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Good Enuff As Is: 1952 Chevrolet 3100 5 Window Pickup

To refresh its designs after World War II, General Motors introduced the “Advanced Design” trucks. The new style’s first year was 1947 and marked quite a departure from earlier models: the windshield wiper was now inside the cowl, headlights were faired into the fenders, the interior was larger, and the rear view included corner windows for better visibility. In a modern twist, one option was an in-dash radio. These trucks gained market share rapidly, becoming number one in category sales from 1947 to 1955. Here on eBay is a 1952 Chevrolet 3100 5-window pickup for sale, bid to $12,800, and located in Carroll, Iowa. This truck is said to start, run and stop well. The “3100” designation means this was a half-ton short-bed.

The Advanced Design trucks all came with the “Thriftmaster” 216 cu. in. inline six-cylinder motor until 1953, when two larger sixes were offered. Our seller indicates that the engine here was refreshed by the previous owner. New items include the fuel tank, battery, fan, water pump and belt, and fuel pump. The radiator was restored. The transmission is a three-speed manual on the column and it is said to shift well. The odometer reads 59,606.

The rear of the truck shows the spare mount, and the seller says there’s very mild damage where a non-original bumper was once attached at the bottom of the rear fenders. Other than a few nicks and scrapes the paint is fairly good. The truck has one tail light which doesn’t work. Other lights work, including the cool spotlight seen on the driver’s side above. The horn and heater work. The bed is said to need refinishing but it’s clean and could remain as-is. The truck has new-ish wide white walls and new hubcaps. The underside isn’t bad! Dry and slightly dirty, but not a rust-fest.

The interior is decent. This year – coinciding with the Korean War – some chrome trim went away, such as the “3100” badge on the fenders, and the chrome trim on the dash. During the Korean War, nickel was rationed as a strategic material and consequently not available as part of the plating process (steel had also become very expensive). Skipping the nickel and coating the trim with clear enamel produced “Korean Chrome”, which rusted away in no time. The best solution was to eliminate some trim altogether, thus the paucity of chrome on vehicles during this era. Here’s part of a tag off an Oldsmobile illustrating the dilemma. Overall, this is a respectable ride. Does it deserve a place in your garage?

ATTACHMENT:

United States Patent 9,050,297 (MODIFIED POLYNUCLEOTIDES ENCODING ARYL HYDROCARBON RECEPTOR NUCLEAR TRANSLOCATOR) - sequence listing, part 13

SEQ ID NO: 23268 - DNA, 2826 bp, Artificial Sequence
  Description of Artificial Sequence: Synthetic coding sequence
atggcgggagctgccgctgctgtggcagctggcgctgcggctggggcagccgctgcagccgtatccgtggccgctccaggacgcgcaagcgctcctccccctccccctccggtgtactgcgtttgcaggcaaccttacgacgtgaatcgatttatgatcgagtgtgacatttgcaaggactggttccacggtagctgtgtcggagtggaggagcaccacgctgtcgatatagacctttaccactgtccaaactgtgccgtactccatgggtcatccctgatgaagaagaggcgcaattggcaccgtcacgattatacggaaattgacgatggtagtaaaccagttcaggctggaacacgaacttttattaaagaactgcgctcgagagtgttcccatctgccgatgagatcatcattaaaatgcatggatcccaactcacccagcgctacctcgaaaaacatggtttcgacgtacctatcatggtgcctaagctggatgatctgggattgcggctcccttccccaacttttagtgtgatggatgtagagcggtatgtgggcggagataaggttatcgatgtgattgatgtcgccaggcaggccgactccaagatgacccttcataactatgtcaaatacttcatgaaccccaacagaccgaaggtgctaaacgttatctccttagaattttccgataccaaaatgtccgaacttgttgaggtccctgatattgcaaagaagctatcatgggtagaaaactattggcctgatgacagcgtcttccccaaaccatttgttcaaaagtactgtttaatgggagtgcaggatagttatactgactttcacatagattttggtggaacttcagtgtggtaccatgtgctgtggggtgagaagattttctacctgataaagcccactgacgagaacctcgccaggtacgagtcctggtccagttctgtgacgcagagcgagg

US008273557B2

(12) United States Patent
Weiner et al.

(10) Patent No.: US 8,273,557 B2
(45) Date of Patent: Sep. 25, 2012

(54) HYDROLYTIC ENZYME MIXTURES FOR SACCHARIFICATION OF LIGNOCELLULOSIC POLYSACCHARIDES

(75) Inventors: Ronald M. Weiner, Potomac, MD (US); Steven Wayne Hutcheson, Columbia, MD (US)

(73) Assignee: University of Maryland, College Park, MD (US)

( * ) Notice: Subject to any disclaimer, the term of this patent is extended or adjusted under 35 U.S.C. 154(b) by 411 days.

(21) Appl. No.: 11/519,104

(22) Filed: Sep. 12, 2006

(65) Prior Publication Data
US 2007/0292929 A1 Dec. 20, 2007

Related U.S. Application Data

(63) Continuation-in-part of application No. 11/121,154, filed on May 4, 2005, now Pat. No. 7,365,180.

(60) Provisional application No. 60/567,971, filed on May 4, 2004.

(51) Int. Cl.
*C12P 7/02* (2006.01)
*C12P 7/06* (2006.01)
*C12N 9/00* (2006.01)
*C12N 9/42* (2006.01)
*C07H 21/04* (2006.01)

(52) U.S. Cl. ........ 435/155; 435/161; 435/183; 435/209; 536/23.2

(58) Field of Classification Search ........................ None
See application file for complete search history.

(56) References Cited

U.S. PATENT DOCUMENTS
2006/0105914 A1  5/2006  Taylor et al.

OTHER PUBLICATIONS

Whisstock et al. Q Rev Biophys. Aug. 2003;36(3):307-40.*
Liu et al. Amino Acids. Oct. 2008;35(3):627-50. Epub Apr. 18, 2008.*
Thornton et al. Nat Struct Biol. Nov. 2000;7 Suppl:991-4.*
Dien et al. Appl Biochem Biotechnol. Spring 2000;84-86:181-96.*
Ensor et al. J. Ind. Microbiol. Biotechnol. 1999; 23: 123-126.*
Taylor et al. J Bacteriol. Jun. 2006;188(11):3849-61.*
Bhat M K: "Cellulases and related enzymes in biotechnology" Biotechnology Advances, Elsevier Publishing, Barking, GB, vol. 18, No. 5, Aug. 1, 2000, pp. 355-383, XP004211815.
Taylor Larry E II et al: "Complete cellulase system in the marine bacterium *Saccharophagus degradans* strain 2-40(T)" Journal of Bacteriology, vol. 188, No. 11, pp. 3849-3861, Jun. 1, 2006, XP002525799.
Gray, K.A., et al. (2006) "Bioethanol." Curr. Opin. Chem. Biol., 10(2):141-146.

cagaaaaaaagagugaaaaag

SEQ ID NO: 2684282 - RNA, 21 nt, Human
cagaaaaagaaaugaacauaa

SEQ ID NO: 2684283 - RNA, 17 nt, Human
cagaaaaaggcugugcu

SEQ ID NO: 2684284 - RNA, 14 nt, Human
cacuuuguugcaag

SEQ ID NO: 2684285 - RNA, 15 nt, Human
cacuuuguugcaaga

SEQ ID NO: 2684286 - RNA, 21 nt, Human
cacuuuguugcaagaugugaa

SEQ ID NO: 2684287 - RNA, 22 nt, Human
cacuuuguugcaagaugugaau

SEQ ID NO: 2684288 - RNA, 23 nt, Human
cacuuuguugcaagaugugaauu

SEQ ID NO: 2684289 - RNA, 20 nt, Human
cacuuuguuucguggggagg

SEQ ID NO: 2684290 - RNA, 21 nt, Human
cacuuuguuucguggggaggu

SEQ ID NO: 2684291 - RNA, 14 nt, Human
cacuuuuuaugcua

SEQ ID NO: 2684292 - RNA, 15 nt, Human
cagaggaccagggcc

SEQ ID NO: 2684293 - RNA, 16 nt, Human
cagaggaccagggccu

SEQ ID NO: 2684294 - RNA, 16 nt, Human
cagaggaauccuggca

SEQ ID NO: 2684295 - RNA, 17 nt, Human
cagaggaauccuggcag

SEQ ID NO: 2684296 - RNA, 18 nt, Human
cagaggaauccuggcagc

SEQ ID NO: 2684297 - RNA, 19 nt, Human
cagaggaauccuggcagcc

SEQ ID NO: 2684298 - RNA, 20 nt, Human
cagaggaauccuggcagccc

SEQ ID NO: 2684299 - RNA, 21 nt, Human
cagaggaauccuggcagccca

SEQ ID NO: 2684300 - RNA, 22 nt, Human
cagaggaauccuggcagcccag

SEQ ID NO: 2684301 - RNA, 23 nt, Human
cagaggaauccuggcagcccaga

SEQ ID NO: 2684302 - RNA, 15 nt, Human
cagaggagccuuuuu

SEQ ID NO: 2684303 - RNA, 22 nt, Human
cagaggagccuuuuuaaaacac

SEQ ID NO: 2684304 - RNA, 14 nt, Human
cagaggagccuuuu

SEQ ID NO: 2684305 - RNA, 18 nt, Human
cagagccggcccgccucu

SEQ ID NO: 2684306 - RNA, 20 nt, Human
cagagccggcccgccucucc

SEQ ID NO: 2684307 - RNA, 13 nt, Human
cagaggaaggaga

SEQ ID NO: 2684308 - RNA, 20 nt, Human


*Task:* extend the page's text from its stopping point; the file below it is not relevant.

1. bobhess bobhess Member

    Nice old buy it and drive it truck.

    Like 10
  2. montagna_lunga

    My first was a ’53, bought in 1975 for $130. Thanks for the memories

    Like 4
  3. Tim

    Hmmm, looks like a floor shift to me, or that’s one really weird connection to the steering column.

    Like 14
    • geomechs geomechs Member

      I was thinking the same thing. But having been in the repair business for the better part of 50 years, I’ve heard a lot of references that were grossly erroneous. Having said that, this truck could sure come to my place…

      Like 4
    • Michelle Rand Staff

      Right you are! Sorry!

      Like 3
    • bobhess bobhess Member

      That’s a turn signal switch on the steering column.

      Like 1
  4. D. L.

    My father owned a ’52 from 1967 until 1972. Bought it for $75. and sold it for $150. Would love to get one like this

    Like 3
  5. GlennH

    I’m no expert but I thought the split flat windshield went out in 1950?

    • Skip

      1954 when one piece windshield came out.

      Like 1
    • Clay Harvey

      The split windshield stayed through the 1953 model year. 54 had one piece windshield and redesigned grill.

  6. Scotty P

    Wow !!!can’t believe the price on these trucks!
    I bought mine for $50.00 in 1976 , painted it and that’s all! Drove it all through high school ( babe magnet even back than ) with no issues and beat the tar out of it! Man the crazy times in my first truck! Thanks for the memories.

  7. Glenn Schwass Member

    Perfect. If I could find a 55-56 GMC or 57 3100 that for that price, it would be worth the alimony payments it would trigger…

    Like 1

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